The safest Ayahuasca brews are those that contain the fewest plants. In many traditions, those plants are the Ayahuasca vine and one other plant containing high amounts of DMT, such as Chacruna, Huambisa, Jurema, or Acacia. When additional plants are added to these brews, the possibility of adverse reactions increases. For anyone drinking Ayahuasca, even if working with an experienced facilitator, one should always inquire into the ingredients contained in the brew and ask about the safety of the plants.

While Ayahuasca is physically quite safe for most people, Ayahuasca is not for everyone. Any person who is taking medication that changes the composition of their brain chemistry, such as SSRIs or SNRIs, could experience a dangerously high level of serotonin after consuming Ayahuasca. Therefore, it is necessary to have fully come off of these types of medicines prior to consuming Ayahuasca. Those with advanced diseases like terminal cancers, progressive heart failure, and severe high blood pressure, can also be vulnerable to the experience.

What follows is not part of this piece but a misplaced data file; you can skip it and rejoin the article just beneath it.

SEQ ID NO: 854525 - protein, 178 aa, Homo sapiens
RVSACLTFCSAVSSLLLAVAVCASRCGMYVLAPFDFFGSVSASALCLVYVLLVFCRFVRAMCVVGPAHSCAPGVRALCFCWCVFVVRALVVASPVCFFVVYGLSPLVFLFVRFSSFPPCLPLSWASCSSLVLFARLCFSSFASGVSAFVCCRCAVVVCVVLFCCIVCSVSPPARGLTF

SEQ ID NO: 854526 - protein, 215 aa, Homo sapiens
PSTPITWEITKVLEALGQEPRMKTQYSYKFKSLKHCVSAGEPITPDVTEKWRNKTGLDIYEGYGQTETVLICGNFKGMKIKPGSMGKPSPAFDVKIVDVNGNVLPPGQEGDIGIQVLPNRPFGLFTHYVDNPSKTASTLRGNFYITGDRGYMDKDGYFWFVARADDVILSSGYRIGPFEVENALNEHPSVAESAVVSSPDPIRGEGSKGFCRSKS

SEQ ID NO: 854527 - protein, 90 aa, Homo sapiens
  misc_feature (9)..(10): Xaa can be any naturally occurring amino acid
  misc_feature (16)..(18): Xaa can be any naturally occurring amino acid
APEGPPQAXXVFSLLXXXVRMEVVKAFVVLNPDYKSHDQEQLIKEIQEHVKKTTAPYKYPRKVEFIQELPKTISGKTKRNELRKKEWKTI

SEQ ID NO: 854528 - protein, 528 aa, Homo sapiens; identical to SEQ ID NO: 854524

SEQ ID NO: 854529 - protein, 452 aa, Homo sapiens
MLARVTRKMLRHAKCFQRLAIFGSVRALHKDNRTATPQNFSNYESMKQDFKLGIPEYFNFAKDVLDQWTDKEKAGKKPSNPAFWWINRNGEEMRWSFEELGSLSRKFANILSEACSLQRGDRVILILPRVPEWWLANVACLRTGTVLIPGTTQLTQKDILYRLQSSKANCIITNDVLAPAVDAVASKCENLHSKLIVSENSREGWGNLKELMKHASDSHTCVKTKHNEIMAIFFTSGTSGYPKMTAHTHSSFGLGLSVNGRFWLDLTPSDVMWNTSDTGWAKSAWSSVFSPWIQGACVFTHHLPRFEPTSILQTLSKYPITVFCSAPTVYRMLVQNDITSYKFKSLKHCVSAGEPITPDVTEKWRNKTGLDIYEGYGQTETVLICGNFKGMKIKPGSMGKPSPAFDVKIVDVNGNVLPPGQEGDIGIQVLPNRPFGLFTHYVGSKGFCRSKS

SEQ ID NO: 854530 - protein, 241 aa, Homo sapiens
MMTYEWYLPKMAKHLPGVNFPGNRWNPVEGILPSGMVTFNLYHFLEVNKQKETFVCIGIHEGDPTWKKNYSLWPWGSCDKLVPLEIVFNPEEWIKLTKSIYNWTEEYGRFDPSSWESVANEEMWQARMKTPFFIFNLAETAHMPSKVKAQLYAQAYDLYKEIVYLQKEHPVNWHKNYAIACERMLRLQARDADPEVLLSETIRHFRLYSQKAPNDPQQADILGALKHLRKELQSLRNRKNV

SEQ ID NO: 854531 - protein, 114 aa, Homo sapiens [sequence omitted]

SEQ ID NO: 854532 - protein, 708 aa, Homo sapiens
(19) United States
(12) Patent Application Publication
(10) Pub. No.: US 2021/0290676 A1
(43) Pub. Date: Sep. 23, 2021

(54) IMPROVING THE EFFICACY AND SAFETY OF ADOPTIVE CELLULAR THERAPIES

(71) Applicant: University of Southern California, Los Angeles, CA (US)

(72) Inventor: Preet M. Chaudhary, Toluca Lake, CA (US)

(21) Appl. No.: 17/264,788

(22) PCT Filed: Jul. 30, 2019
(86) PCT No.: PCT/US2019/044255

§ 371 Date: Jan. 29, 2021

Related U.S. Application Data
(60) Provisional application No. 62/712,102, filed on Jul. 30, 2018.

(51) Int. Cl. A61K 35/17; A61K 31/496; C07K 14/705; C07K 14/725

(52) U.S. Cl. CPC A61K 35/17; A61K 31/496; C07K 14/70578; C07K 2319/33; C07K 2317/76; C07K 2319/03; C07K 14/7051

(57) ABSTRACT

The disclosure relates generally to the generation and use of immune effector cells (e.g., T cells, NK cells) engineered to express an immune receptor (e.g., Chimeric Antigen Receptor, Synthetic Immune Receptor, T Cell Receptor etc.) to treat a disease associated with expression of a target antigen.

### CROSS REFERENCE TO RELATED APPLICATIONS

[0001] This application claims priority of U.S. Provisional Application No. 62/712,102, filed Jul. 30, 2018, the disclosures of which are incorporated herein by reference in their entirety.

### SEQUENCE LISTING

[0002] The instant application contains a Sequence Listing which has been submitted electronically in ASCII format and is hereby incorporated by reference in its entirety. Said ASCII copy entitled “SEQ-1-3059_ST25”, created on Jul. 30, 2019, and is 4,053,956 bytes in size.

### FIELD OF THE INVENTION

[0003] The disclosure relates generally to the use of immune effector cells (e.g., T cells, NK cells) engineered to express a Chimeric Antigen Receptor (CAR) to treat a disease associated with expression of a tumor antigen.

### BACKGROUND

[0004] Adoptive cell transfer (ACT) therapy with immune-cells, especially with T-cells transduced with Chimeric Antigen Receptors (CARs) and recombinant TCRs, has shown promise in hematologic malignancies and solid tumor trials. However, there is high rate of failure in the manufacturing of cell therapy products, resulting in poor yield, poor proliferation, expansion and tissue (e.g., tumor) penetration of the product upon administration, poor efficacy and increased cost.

Another reason Ayahuasca cannot be recommended for everyone is that it is a teacher that shows us all aspects of ourselves. Unlike a some compounds that work to take our pain away temporarily, Ayahuasca works towards taking our pain away permanently. But, its method of taking our pain away permanently is to have us experience and fully process pain that has not been felt. For many, this experience can bring up old wounds, traumas, and even repressed memories that have been too painful to feel and address. Under the influence of Ayahuasca, one has the opportunity to resolve such wounds from the past permanently, but one must be willing to go into those wounds with an open heart. If one is not ready for this and instead of opening fully, closes themselves off more, then the experience may not lead to any healing of the old wounds. Indeed, in some instances, where a person is unable to hold the emotions that are brought up, they may experience a set of new symptoms and defense mechanisms after working with the medicine. For some people, this type of intense experience is simply too much and they would be better served by a more gentle approach to healing, such as somatic experiencing, EMDR, and similar therapies.